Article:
The floral ontogeny of the Spurge olive (Cneorum tricoccon L.) is studied by means of scanning electron microscopic observations. Special attention is paid to the sequence of initiation of the floral parts, the occurrence of septal cavities, and the development of the nectariferous tissue. The nectary disc arises as a receptacular outgrowth below the ovary and independently from stamen development. By the extensive growth of this voluminous androgynophore, stamen filaments become enclosed by nectary tissue and as a result, they are seated in pits between the lobes of the disc. Between ovary and style, three lobes are present, which are covered with stomata – their function is unknown. The significance of the unusual trimery of the flower is discussed. Floral developmental evidence supports a Rutalean affinity, although more ontogenetic investigations are needed in Rutaceae, subfamily Spathelioideae.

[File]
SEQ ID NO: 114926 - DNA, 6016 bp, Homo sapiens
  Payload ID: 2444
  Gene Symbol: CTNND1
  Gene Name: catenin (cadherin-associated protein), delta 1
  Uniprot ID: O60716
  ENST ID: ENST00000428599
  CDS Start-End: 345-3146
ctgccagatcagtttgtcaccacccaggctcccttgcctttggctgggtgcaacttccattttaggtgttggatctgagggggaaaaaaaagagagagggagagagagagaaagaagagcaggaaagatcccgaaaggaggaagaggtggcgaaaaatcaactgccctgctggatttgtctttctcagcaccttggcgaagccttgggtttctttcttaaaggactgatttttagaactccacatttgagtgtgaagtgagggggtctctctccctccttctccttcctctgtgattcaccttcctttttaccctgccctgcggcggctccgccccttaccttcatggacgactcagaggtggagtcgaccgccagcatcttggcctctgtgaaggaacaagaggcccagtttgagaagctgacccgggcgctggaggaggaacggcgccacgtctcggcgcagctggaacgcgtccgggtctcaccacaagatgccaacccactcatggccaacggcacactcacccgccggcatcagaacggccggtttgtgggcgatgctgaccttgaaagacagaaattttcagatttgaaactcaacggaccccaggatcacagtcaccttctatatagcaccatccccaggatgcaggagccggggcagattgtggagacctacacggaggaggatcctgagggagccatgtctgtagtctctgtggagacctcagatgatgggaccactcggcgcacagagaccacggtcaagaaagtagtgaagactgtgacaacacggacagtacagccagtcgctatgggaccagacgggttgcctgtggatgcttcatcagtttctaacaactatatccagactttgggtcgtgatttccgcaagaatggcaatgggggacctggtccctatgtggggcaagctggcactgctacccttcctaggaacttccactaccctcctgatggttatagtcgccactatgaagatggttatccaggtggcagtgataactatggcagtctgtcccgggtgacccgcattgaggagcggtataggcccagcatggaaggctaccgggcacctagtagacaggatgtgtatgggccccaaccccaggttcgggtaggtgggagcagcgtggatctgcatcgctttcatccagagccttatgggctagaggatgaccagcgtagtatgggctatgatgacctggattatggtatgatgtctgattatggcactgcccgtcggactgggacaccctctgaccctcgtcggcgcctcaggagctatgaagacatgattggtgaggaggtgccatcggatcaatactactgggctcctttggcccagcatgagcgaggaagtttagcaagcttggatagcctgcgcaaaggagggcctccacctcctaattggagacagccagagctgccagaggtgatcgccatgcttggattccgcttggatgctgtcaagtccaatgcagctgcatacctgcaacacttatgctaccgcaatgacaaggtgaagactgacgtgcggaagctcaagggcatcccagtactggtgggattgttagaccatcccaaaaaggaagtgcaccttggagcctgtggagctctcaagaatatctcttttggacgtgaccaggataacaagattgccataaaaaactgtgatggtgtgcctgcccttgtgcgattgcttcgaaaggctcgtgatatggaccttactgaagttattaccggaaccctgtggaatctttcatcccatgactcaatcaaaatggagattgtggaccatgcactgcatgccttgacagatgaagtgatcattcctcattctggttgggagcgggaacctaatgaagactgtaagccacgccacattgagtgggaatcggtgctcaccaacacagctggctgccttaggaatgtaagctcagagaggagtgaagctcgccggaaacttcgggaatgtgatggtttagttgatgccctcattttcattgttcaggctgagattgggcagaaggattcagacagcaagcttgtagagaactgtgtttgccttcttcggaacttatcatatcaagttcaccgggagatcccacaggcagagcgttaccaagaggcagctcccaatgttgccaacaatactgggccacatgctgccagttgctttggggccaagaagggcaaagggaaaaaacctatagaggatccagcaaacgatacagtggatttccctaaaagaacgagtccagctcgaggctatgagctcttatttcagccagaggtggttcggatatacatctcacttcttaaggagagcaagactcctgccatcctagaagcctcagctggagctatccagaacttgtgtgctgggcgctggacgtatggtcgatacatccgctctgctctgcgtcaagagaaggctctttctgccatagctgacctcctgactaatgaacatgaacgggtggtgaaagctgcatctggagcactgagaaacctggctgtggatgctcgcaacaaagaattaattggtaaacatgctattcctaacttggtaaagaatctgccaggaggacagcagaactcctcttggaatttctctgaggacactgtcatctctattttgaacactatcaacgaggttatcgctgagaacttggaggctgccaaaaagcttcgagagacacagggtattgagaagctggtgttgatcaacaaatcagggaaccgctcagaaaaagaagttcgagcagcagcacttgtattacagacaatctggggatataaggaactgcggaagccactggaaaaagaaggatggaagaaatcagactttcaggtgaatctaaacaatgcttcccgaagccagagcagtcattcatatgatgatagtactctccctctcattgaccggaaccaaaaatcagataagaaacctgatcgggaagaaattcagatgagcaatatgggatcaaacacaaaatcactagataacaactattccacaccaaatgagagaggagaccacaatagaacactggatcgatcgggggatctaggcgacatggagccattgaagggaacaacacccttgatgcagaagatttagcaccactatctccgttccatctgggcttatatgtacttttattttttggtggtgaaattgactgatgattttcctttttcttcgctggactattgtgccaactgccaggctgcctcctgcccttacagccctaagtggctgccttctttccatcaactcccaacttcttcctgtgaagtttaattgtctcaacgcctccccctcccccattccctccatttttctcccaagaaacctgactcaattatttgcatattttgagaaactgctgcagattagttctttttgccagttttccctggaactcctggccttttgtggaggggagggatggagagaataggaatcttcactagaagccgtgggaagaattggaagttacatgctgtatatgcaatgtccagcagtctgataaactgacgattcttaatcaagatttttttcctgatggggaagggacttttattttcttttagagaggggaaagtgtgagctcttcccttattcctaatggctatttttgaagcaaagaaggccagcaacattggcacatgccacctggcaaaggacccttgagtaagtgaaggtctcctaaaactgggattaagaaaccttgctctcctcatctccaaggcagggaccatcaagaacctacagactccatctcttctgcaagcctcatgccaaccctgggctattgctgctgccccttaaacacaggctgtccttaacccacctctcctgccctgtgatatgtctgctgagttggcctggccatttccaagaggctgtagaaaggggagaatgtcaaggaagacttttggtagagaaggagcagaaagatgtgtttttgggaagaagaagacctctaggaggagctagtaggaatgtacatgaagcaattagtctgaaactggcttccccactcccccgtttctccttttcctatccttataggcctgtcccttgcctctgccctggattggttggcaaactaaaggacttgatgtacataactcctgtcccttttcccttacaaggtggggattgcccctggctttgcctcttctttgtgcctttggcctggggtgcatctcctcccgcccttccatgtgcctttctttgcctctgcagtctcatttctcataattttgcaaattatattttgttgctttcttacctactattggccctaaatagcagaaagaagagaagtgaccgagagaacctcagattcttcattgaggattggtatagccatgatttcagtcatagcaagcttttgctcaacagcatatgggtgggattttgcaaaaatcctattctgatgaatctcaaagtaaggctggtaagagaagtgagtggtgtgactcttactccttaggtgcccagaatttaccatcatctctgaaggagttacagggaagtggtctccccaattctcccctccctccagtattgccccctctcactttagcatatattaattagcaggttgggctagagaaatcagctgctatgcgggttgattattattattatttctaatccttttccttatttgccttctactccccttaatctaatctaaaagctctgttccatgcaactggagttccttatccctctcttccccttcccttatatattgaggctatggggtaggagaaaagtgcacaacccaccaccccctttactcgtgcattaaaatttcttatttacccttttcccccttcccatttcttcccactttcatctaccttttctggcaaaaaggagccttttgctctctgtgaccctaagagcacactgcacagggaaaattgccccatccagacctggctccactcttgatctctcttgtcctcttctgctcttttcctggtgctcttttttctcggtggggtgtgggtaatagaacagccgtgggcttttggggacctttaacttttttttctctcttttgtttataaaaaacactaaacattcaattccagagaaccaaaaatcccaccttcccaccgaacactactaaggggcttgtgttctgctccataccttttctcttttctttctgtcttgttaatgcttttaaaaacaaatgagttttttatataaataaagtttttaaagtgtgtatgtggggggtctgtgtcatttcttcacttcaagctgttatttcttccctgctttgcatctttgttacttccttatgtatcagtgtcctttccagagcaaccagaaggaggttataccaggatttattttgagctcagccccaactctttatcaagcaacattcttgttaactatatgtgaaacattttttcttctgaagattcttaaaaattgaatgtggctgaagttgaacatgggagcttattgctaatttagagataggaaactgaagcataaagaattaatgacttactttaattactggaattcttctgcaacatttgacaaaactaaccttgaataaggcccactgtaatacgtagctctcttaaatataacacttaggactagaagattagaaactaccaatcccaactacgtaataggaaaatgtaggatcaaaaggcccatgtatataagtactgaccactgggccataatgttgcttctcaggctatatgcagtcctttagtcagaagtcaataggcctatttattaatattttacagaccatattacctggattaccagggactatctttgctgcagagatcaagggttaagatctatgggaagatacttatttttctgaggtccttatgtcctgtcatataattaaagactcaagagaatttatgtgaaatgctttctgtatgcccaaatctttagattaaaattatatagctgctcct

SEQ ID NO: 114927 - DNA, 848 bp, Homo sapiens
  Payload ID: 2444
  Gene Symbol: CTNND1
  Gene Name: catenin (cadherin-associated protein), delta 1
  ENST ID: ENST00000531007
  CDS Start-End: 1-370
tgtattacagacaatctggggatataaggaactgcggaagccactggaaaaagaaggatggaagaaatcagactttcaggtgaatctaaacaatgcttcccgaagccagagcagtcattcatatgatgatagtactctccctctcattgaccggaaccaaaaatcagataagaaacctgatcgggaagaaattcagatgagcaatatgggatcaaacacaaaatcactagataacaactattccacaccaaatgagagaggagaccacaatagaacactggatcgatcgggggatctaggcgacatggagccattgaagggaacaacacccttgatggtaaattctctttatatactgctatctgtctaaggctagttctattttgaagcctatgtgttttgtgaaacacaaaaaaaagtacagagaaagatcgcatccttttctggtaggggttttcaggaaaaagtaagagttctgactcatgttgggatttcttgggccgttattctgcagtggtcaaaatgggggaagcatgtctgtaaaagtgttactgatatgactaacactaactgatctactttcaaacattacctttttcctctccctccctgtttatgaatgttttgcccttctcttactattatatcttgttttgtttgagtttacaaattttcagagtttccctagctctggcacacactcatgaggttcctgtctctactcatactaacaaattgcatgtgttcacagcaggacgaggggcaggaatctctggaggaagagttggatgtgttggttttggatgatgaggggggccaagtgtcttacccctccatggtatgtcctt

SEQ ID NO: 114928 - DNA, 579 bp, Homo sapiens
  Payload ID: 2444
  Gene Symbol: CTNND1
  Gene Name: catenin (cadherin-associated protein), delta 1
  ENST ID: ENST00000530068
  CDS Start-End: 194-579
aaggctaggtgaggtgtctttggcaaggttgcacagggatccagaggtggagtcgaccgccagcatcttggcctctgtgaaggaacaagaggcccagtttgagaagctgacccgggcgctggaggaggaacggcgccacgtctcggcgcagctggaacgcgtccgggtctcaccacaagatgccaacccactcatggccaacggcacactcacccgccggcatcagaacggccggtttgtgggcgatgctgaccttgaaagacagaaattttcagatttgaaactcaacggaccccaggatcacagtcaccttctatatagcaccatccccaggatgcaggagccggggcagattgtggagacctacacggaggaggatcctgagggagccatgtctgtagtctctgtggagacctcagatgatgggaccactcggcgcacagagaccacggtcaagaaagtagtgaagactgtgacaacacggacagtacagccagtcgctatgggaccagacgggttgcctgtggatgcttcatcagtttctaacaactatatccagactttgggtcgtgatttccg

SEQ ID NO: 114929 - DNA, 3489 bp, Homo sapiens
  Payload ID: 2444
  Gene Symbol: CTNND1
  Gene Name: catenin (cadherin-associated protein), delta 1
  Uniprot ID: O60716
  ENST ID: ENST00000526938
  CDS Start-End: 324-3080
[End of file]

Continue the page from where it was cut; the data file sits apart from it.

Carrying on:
Androgynophore, Cneoraceae, Cneorum tricoccon L., Floral ontogeny, Nectary, Rutaceae, Spurge olive
Plant Systematics and Evolution
Staff publications

Caris, P, Smets, E, De Coster, K, & Ronse De Craene, L. (2006). Floral ontogeny of Cneorum tricoccon L. (Rutaceae). Plant Systematics and Evolution, 257(3/4), 223–232.